Grizzly Park


Now available on DVD


Glenn Morshower as Ranger Bob

Randy Wayne as Michael “Scab” White

Zulay Henao as Lola

Emily Foxler as Bebe

Shedrack Anderson as Ty

Julie Skon as Candy

Kavan Reece as Ryan

Jelynn Rodriguez as KiKi

Trevor Peterson as Trickster

Directed by Tom Skull


It’s commonly known that bears in the wilderness are attracted to the scent of blood, a fact that’s acknowledged several times throughout Grizzly Park. Writer/director Tom Skull knows that, like bears, we horror fans are attracted to blood, too — which is why it’s so puzzling that in a movie offering little else, we’re made to wait so long for it.

With its cross-hairs set somewhere between the hulking-killer-in-the-woods territory of 1982’s Madman and the when-nature-attacks-we-laugh terrain of Lake Placid, Grizzly Park fires recklessly in multiple directions without managing to hit much of anything. Ostensibly a tale of teens stalked by both a fugitive serial killer and a bloodthirsty bear, what unfolds instead is an exercise in unrelenting tedium surrounding eight dull stick figures who spout vacuous lines at one another while dragged sluggishly through the woods, with us in tow.

A cast of unknowns with pretentiously exotic names makes up this repellent pack of delinquents headed to a forested national park to pick up trash in atonement for their misdemeanor behavior. A cross-spectrum of archetypes and ethnicities, they’re nonetheless the blandest bunch of bad kids to ever do community service. The bimbo bares nothing, the thug couldn’t threaten a tomcat, and the resident prankster thinks plastic spiders constitute a clever scare. Even stoic Ranger Bob (Glenn Morshower), the beleaguered park ranger leading their expedition, is more engaging and sympathetic, stuck in the same predicament we are for about 85 minutes of flat humor and faulty characterization and 10 minutes of redemptive slaughter.

Certainly no one goes into a movie like Grizzly Park park looking for high-quality horror, but with both a bear and a homicidal maniac on the hunt, the proceedings should get interesting much sooner than they actually do. But like everything in his debut film, director Skull (who hardly seems worthy of such a cool last name) is unsure of what to do with these elements. After slashing the throat of the corrections officer assigned to chauffer the kids to their retreat, the burly, bearded killer masquerades as the dead man and hides out in the ranger’s quarters, presumably waiting for the opportune time to pick up his old habit and rid the forest of a few unwelcome teenage malcontents. He never gets the chance, though, becoming the bear’s first victim in a mostly offscreen attack and checking out of the film around the 30-minute mark. It’s as though his very presence is an afterthought, like someone on the crew suggested adding a slasher subplot and Skull obliged only to forget idea midway through production.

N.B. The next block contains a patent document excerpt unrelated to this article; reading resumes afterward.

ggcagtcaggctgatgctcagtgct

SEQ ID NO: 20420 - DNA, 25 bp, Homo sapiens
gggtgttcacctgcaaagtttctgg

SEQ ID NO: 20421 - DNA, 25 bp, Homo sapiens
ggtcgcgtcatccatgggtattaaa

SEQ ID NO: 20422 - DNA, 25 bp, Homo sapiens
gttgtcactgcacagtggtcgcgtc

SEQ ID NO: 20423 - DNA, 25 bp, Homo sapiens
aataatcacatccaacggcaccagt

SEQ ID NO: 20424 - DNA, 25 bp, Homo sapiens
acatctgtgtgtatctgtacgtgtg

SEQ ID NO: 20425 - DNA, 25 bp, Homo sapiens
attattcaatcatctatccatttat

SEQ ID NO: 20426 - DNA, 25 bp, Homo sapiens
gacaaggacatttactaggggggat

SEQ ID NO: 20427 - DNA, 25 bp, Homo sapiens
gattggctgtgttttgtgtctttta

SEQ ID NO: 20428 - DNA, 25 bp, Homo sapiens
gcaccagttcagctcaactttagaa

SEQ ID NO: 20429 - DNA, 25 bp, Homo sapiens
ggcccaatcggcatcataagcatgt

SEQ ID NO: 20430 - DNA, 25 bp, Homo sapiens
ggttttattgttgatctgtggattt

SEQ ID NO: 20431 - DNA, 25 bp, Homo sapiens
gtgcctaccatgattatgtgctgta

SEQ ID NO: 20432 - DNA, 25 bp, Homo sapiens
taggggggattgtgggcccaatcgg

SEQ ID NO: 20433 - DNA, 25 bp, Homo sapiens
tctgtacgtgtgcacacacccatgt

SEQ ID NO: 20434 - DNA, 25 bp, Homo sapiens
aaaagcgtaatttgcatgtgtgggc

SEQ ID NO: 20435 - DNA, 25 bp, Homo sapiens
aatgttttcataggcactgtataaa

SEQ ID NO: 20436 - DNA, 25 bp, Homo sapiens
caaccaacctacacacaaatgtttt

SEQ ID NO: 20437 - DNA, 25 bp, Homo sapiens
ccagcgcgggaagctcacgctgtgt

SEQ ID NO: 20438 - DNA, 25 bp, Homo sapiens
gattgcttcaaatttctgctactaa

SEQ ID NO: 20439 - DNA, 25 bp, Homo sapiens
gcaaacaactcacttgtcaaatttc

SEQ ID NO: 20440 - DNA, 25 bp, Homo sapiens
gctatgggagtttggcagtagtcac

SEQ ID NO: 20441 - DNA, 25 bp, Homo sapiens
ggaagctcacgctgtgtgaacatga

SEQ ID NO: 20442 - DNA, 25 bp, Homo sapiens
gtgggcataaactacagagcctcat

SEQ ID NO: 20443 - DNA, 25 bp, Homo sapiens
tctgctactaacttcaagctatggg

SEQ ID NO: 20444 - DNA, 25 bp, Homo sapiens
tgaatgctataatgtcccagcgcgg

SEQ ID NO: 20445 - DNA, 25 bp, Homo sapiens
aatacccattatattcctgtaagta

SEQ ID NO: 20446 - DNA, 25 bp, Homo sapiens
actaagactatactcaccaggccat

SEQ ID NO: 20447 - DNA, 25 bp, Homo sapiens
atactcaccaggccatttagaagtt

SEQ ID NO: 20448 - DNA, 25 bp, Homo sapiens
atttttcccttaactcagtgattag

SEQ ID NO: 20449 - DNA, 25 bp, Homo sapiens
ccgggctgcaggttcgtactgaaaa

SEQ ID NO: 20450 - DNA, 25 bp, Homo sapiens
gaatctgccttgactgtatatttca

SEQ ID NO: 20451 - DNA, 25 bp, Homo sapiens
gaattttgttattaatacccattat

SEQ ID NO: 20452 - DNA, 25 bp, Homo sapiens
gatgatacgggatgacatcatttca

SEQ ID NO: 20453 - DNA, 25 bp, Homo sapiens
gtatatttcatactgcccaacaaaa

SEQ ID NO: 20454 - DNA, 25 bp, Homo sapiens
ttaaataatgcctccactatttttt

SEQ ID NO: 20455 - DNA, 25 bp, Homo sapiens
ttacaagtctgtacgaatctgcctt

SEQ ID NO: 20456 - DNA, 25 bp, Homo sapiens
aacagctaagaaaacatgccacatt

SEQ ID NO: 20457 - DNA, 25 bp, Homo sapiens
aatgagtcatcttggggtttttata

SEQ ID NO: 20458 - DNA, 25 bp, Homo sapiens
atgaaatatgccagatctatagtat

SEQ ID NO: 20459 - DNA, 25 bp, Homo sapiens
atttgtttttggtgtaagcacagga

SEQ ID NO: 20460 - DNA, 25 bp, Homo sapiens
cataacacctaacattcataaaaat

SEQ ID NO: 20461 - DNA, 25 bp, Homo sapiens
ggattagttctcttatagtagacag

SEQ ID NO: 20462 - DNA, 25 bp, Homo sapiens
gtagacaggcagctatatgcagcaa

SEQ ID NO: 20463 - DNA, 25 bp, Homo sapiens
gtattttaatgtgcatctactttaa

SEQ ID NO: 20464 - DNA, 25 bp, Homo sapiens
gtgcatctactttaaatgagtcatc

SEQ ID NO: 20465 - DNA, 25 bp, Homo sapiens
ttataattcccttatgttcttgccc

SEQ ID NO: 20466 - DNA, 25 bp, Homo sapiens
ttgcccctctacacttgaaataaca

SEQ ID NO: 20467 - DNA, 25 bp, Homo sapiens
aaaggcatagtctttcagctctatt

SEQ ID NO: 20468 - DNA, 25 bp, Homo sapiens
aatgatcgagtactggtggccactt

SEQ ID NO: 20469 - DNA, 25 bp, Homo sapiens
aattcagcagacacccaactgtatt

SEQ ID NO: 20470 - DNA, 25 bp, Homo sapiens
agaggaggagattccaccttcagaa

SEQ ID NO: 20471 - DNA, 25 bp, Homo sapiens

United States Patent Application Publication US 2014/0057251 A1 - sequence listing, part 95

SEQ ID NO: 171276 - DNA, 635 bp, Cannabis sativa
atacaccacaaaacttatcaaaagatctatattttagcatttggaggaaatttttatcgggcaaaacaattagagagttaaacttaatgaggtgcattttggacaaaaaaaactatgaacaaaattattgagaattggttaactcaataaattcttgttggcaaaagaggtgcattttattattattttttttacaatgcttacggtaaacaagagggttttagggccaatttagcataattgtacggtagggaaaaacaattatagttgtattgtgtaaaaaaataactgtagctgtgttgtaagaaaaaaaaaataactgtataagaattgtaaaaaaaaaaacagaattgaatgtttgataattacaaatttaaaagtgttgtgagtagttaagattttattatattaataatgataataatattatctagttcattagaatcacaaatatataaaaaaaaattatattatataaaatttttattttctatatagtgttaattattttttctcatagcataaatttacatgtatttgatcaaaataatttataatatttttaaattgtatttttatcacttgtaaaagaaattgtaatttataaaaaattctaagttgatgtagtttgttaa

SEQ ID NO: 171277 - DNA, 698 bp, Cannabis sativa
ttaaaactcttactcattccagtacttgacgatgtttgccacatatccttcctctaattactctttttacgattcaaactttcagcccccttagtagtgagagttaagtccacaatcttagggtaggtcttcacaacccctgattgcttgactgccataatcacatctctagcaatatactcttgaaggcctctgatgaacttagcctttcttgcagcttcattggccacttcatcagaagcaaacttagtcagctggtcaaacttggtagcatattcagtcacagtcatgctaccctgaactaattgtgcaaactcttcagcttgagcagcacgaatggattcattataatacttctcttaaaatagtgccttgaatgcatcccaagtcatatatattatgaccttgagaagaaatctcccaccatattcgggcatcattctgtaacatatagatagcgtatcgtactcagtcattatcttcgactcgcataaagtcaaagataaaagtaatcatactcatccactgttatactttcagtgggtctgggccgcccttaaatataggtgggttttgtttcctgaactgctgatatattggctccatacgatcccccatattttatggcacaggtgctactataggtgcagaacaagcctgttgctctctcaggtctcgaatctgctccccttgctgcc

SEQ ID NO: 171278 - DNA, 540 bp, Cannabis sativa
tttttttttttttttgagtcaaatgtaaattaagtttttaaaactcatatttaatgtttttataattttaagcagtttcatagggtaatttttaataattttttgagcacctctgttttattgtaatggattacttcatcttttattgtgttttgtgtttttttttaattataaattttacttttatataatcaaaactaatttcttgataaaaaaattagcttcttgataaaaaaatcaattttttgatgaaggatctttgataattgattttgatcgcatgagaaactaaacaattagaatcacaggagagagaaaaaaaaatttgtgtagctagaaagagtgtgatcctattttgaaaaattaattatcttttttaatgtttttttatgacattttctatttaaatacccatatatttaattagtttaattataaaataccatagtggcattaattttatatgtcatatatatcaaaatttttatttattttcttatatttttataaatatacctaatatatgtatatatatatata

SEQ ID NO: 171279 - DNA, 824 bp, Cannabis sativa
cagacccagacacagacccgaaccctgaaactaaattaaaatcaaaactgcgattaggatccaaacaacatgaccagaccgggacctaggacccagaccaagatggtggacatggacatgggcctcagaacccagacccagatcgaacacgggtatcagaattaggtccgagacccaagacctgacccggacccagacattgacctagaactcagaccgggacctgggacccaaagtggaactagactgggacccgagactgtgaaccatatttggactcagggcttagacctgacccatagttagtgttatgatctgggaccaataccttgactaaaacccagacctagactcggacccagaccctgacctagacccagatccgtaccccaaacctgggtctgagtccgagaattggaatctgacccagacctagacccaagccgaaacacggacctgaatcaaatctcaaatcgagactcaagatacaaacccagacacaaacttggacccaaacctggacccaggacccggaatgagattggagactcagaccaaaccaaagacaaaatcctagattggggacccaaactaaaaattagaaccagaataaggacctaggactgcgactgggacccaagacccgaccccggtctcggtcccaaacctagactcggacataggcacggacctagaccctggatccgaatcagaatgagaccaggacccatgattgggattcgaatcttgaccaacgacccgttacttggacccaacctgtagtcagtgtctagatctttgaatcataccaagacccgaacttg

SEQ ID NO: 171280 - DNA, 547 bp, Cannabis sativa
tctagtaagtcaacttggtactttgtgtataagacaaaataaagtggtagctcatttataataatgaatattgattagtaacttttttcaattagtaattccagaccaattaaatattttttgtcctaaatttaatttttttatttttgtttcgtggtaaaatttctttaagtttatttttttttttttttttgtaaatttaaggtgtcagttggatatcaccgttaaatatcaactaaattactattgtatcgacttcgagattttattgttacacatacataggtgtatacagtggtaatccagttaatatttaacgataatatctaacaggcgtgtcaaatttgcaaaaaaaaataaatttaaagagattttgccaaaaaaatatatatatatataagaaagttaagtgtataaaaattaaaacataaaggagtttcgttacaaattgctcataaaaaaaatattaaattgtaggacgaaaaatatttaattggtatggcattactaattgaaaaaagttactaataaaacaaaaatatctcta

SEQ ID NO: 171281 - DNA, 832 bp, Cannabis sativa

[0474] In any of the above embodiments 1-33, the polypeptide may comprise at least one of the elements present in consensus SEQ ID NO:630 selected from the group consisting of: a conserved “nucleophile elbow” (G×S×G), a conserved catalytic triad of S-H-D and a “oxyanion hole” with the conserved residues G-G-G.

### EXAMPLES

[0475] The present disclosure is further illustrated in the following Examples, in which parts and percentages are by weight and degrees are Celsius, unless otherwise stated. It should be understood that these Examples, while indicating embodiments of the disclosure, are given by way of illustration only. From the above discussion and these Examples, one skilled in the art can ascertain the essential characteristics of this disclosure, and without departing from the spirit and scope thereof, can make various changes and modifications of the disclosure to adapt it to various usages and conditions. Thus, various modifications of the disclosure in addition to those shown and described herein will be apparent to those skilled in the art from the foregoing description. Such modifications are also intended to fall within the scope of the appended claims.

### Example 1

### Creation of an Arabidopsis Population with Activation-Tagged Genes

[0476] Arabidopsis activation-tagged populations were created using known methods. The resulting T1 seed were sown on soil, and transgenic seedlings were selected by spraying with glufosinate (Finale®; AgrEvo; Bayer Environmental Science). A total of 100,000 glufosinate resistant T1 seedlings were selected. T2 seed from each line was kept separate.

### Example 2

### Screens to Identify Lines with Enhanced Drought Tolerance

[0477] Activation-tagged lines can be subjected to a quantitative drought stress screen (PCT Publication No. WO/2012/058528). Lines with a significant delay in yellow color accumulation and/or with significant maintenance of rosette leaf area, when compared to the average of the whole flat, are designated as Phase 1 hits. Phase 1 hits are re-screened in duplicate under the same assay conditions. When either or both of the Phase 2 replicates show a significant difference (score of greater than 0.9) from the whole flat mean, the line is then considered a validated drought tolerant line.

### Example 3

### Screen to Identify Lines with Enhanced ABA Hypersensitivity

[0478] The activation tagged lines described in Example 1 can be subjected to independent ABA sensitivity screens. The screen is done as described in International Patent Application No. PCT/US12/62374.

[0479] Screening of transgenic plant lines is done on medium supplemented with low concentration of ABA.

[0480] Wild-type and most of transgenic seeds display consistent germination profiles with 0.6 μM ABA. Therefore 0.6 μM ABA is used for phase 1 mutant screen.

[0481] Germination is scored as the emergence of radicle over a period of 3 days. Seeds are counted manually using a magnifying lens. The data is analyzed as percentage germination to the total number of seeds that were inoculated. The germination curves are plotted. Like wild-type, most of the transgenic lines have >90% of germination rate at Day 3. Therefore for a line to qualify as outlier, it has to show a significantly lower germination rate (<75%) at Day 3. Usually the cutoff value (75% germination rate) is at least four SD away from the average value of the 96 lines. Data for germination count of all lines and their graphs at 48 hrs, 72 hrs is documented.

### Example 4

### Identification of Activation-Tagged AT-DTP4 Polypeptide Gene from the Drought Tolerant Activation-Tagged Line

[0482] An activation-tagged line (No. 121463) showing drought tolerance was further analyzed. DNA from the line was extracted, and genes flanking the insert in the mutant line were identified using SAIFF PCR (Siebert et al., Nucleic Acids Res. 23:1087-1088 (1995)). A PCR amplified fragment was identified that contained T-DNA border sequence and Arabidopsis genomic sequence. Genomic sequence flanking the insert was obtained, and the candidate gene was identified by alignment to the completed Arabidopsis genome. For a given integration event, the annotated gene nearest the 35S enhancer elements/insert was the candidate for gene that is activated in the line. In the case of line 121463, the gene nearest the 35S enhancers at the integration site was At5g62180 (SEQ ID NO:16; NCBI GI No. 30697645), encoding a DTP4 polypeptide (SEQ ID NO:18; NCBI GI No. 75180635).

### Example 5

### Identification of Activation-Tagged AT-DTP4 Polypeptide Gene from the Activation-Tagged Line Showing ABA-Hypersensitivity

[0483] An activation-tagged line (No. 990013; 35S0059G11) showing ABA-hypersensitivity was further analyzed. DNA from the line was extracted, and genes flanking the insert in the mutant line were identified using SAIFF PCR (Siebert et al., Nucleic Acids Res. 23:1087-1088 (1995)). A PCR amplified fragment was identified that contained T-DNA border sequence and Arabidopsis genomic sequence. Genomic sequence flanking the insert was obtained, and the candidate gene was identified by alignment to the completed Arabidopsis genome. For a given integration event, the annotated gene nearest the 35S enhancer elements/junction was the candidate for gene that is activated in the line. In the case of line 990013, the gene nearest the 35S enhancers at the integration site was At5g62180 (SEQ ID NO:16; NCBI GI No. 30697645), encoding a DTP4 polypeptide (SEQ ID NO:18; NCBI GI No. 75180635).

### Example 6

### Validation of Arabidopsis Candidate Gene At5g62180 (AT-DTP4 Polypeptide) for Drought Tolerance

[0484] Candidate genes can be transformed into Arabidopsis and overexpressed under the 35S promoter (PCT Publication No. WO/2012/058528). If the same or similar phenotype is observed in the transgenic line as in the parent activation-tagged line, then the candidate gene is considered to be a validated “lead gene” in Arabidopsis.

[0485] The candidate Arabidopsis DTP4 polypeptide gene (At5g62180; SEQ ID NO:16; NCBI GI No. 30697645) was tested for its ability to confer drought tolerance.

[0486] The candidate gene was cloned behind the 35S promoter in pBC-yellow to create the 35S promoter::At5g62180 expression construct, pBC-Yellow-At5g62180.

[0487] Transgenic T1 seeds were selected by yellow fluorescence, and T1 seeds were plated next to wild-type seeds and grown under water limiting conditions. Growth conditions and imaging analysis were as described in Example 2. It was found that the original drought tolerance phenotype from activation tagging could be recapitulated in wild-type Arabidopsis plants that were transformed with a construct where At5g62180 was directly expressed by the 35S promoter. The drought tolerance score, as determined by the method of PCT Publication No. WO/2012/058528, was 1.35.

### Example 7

Among other ingredients introduced only to be ignored are some blatant references to eco-horror, a hint of commentary about racial tension and circumstantial alliances, and even the nature of the crimes committed by the film’s eight unlikable leads. Skull keeps the misdoings of his subjects secret at the film’s outset, choosing instead to reveal them slowly — very slowly — over the course of the film. But rather than giving these details greater relevance as danger finally develops, Skull drops them almost as soon as they’re established. It makes no difference that one character has a skill for concocting poisons, or that another is adept at identity theft. These traits are just dressing for characters who are otherwise indistinguishable from one another. The only recurring thread given any significant follow-through is a running joke about breast implants. Even the twist ending tacked on in a further attempt at humor lacks impact, relevance, or clarity.

But by far the greatest waste in Grizzly Park is that of the film’s evident production values and the gorgeous locations on which it was shot. Skull is certainly adequate behind the camera, and his teaming with cinematographer Matt Cantrell produces some rich visuals – especially the autumnal colors, rolling hills, and lush streams of rural southwest Virginia, a scenic palette ripe with haunting potential that’s completely squandered.

It is only when the outrageous bloodshed begins in the film’s final reel that Grizzly Park actually resembles the madcap b-movie it aspires to be. The pace improves and all ill-conceived pretense is cast aside like a torn chunk of human torso. There’s nothing here that’s particularly inventive, but what Skull presents in these final moments at least capitalizes on the killer bear concept. The cast’s interaction with the bear, though minimal, is convincing, and the resulting carnage, though over-the-top, is entertaining.

But everything that comes before? Unbearable.